A nation rose and fell with every ebb and flow of torment as Chris Rogers endured his first-innings ordeal. He survived 196 dot balls, numerous play and misses, a couple of hairline DRS adventures and a dropped catch on the way to his maiden Test century.
Australians of all persuasions were absorbed and drained by his fighting innings, an effort that was the reverse of the coin supplied by the joyous and unaffected Ashton Agar in the team’s first outing at Trent Bridge all those weeks ago.
Yet of all the tens of thousands of his compatriots who were compelled to follow every delivery, two Australians rode each ball as though it was the most significant thing in their lives.
To John and Ros Rogers, parents of Chris and cricket people to the bone, their son’s Test elevation at the age of 35 was as much a relief as it was a delight.
And they were as drained as anyone watching when he finally reached that most elusive of centuries.
“We had sat frozen for over six hours despite thermal singlet, shirt, jacket and a state of nerves,” John Rogers said, “so dynamic was Broad’s bowling and the threat of Swann.
“Chris reaching 50 was as anti-climactic as I’ve seen – a single from a dropped catch.
“Through the 60s it was a single every second over, then gradually he made 80, then stopped a bit on 92 and then 96.
“He generally accelerates through the 90s, but this time Swann and Cook fenced him in. Then Watson got out and he knew another wicket must not fall.
“A complete ring field hemmed him in and he tried every way he could to hit the ball through.
“Suddenly I saw a desperate sweep and thought ‘oh, no’. It was so dark I didn’t know what happened and I immediately thought he was out lbw.
“Then I saw them looking square and there’s the ball, careering to the fence.
“The crowd roared. I’m gutted, drained – I even shed a little tear. I couldn’t even stand up like everyone else. I gave Ros a hug when she sat down. We were totally spent from riding every near-miss and all the appeals.
“I’d wanted him to play as he had at Old Trafford, but the two innings were like chalk and cheese.
“Yet the scoreboard kept ticking over. Several edged and glanced fours helped, but there was a lovely straight drive early on and all those tucks off the hips add up.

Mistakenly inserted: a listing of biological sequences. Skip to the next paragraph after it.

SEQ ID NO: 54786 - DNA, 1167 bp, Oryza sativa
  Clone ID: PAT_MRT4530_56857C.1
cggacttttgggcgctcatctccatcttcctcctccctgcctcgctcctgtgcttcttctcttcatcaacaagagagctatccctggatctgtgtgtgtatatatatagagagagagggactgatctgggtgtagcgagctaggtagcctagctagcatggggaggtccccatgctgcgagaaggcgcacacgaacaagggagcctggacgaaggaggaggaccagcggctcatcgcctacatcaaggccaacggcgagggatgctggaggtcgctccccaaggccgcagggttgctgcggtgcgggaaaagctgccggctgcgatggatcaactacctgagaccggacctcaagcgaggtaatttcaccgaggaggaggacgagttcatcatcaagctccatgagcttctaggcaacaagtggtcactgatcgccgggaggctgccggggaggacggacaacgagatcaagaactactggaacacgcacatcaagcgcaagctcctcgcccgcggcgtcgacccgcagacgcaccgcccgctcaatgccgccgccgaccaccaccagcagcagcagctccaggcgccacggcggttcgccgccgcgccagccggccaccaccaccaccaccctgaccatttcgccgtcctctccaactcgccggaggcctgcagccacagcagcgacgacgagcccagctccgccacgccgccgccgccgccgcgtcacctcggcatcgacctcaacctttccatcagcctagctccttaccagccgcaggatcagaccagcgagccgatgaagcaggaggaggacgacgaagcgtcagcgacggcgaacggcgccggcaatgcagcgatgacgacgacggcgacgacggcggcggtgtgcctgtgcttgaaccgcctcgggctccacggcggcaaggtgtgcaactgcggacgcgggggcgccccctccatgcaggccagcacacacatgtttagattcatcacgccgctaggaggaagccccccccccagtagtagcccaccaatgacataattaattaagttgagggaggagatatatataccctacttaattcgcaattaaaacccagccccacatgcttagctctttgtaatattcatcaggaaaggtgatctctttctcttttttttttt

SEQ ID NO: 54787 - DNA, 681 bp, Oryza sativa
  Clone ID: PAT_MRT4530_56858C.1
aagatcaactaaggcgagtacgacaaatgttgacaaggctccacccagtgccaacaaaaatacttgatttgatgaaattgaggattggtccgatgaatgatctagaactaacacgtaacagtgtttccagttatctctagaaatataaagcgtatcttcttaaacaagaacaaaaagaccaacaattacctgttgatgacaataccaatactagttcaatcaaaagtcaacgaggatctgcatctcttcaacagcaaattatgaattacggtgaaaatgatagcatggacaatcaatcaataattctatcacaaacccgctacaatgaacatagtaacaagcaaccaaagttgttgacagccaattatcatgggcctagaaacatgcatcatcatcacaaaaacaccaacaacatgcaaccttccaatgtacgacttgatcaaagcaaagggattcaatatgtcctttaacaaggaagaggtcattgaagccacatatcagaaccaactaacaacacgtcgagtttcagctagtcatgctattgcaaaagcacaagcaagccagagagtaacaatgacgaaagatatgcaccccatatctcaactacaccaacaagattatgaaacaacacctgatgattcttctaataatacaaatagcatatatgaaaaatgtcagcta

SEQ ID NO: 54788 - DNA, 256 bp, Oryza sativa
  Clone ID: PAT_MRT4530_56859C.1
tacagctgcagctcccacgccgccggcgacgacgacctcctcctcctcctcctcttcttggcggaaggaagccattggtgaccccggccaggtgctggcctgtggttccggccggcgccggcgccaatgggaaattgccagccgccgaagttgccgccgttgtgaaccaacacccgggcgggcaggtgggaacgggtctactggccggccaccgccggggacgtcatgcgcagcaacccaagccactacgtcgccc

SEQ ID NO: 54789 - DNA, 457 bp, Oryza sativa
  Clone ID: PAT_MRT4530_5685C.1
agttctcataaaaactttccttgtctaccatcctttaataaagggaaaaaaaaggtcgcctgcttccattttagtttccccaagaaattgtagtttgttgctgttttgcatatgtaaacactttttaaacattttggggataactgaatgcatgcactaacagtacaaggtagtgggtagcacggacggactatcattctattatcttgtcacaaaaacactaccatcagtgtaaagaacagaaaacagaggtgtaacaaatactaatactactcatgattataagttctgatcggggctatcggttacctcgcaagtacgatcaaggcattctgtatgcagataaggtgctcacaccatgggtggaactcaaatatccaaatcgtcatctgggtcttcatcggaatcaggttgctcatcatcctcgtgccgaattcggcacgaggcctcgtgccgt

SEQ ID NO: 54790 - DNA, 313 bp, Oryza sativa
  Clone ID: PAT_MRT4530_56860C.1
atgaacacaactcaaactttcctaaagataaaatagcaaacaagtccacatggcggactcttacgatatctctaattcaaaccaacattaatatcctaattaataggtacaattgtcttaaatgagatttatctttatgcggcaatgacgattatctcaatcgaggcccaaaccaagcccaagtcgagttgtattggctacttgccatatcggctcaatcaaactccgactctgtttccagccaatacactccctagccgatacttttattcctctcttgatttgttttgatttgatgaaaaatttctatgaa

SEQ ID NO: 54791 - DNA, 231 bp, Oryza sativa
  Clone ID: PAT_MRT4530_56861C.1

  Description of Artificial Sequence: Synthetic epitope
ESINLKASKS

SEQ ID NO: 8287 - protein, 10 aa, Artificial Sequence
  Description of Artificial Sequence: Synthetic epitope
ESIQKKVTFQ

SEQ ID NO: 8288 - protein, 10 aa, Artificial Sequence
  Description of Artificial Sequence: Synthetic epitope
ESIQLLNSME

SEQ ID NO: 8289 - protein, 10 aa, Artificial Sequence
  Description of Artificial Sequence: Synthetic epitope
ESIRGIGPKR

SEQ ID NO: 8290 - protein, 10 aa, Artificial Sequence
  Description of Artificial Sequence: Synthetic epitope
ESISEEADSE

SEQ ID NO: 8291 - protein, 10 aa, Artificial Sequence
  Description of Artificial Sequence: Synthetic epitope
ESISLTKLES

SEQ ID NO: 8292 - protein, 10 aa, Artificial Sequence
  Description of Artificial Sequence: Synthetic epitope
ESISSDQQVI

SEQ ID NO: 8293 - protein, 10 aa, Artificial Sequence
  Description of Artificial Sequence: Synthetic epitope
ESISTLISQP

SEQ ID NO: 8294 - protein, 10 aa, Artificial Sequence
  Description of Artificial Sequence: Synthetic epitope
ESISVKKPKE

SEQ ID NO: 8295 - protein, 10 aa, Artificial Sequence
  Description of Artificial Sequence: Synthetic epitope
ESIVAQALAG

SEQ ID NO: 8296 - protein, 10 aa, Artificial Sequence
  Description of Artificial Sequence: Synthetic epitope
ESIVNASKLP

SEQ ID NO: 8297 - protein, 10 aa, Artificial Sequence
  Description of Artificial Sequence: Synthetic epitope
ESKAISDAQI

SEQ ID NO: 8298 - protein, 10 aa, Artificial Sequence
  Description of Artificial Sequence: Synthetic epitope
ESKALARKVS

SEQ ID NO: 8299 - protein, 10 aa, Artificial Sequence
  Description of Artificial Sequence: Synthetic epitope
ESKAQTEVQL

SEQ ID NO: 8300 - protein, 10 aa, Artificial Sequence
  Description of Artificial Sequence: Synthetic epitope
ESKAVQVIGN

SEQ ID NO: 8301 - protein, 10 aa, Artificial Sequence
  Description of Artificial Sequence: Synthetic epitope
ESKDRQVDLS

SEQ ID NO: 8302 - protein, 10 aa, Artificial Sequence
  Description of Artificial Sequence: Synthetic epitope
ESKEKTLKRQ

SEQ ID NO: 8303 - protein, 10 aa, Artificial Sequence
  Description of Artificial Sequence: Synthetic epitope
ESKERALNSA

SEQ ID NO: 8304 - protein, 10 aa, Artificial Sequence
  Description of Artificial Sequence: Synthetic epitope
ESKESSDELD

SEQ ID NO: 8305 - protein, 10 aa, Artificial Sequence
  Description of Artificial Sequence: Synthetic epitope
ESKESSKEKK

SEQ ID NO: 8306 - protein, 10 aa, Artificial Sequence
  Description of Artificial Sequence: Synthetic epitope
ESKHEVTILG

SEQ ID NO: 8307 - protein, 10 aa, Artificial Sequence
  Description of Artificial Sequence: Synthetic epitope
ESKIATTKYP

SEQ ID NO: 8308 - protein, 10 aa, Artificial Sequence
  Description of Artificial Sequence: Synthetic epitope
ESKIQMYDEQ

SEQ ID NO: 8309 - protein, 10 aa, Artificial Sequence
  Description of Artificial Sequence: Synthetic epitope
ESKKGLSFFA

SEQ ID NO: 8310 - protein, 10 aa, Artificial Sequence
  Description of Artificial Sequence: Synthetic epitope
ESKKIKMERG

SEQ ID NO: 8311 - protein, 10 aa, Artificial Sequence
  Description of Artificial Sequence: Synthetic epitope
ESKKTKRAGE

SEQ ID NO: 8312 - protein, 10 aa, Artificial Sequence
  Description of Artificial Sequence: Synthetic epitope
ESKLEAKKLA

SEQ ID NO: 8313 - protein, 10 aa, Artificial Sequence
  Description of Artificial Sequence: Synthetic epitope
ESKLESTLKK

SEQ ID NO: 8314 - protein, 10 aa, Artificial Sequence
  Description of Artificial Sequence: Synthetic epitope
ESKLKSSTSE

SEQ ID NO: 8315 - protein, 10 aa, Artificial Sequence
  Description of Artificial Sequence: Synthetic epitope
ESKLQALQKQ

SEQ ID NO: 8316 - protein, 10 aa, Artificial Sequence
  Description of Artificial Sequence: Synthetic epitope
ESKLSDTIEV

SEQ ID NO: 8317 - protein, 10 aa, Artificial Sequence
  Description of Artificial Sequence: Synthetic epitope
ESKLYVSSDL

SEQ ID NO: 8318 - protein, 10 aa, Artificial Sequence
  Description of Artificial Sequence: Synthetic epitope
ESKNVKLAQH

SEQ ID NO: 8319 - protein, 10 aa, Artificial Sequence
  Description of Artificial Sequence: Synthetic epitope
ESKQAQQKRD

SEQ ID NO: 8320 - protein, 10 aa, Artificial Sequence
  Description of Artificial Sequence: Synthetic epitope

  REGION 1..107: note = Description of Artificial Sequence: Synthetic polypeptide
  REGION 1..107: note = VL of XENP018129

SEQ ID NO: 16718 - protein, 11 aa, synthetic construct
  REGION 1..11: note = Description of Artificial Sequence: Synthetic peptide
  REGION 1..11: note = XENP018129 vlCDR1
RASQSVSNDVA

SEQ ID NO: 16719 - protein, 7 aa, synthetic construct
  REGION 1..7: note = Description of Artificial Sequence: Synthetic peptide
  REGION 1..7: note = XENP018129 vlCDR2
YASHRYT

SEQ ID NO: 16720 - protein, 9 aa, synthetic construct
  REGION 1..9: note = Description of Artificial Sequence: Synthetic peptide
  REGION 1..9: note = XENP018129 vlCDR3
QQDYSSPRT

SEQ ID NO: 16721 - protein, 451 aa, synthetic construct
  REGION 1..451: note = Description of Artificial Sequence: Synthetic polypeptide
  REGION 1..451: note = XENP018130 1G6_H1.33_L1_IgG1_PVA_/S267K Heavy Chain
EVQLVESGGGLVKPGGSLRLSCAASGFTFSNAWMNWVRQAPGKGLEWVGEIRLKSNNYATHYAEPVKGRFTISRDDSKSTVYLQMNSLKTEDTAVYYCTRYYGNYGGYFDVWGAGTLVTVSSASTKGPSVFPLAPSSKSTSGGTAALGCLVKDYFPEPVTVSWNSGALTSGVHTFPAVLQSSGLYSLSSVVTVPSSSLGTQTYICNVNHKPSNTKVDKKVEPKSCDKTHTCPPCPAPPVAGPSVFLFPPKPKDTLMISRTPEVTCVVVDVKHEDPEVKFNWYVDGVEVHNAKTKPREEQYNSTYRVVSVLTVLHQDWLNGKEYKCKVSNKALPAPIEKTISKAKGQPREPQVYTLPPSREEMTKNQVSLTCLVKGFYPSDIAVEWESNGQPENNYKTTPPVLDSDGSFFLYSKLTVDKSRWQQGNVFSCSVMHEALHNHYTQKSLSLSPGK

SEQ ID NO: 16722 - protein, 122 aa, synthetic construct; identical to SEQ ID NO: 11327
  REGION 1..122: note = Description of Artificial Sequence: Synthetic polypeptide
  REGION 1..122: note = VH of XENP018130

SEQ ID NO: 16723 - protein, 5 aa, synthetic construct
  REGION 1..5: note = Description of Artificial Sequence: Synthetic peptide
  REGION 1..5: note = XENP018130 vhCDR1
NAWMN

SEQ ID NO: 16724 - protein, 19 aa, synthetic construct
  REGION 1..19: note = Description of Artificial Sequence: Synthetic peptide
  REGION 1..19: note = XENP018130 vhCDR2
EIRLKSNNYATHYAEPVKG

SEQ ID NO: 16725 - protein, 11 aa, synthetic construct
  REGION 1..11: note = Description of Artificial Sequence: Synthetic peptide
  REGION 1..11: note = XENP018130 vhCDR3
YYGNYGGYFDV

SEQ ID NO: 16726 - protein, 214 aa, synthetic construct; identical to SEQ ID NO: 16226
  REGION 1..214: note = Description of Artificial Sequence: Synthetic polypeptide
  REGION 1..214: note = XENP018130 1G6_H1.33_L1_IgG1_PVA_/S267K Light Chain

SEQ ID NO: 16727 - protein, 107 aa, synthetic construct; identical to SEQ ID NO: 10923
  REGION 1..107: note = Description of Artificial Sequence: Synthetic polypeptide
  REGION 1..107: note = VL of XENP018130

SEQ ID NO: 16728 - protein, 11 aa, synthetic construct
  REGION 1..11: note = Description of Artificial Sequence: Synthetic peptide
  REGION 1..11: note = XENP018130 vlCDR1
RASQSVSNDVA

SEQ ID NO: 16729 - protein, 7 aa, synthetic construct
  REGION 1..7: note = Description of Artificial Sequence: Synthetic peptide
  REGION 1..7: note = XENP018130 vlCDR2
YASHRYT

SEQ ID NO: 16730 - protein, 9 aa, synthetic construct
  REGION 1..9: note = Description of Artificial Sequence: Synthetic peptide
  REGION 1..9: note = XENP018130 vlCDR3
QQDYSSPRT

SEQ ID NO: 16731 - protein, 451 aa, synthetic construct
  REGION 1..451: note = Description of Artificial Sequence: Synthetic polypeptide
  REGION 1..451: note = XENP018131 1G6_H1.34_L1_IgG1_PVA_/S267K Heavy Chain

“In the next over after the hundred, I saw him leaning on his bat looking at the ground. The realisation was dawning and he said he had a little tear too.”
The couple had been aware of Chris’s remarkable talent at the age of 12, but saw him suffer as much disappointment over the years as success at state and county level. The dream of Test success was theirs as much as the player’s, but years of lost opportunities sapped their hopes.
Rogers Snr has been involved in cricket all of his life. He, more than most, appreciated the enormity of his son’s feat.
An occasional player for New South Wales, he made 65 in the first of his three Sheffield Shield matches and has the quirk of a one-day strike rate of 125 from one match, that maintains him at the very top of domestic career statistics.
He was also the general manager of the Western Australian Cricket Association for seven years, a post that brought his family to Perth.
Administrative and coaching posts followed at the University of WA cricket club where Chris became a prolific runscorer, Ian Bell went to learn his trade and Agar currently calls home.
The Rogers are retired now and used their son’s Ashes selection to provide the framework for a trip around Britain.
They have bought a caravan and plan to do the same in Australia this winter. They were not sure if Chris would be in the same cities as the Ashes Tests, but that fear has now been allayed, his immediate future guaranteed. The Rogers family will be staying together, for now.
John Townsend is Cricket Writer at the ‘West Australian’
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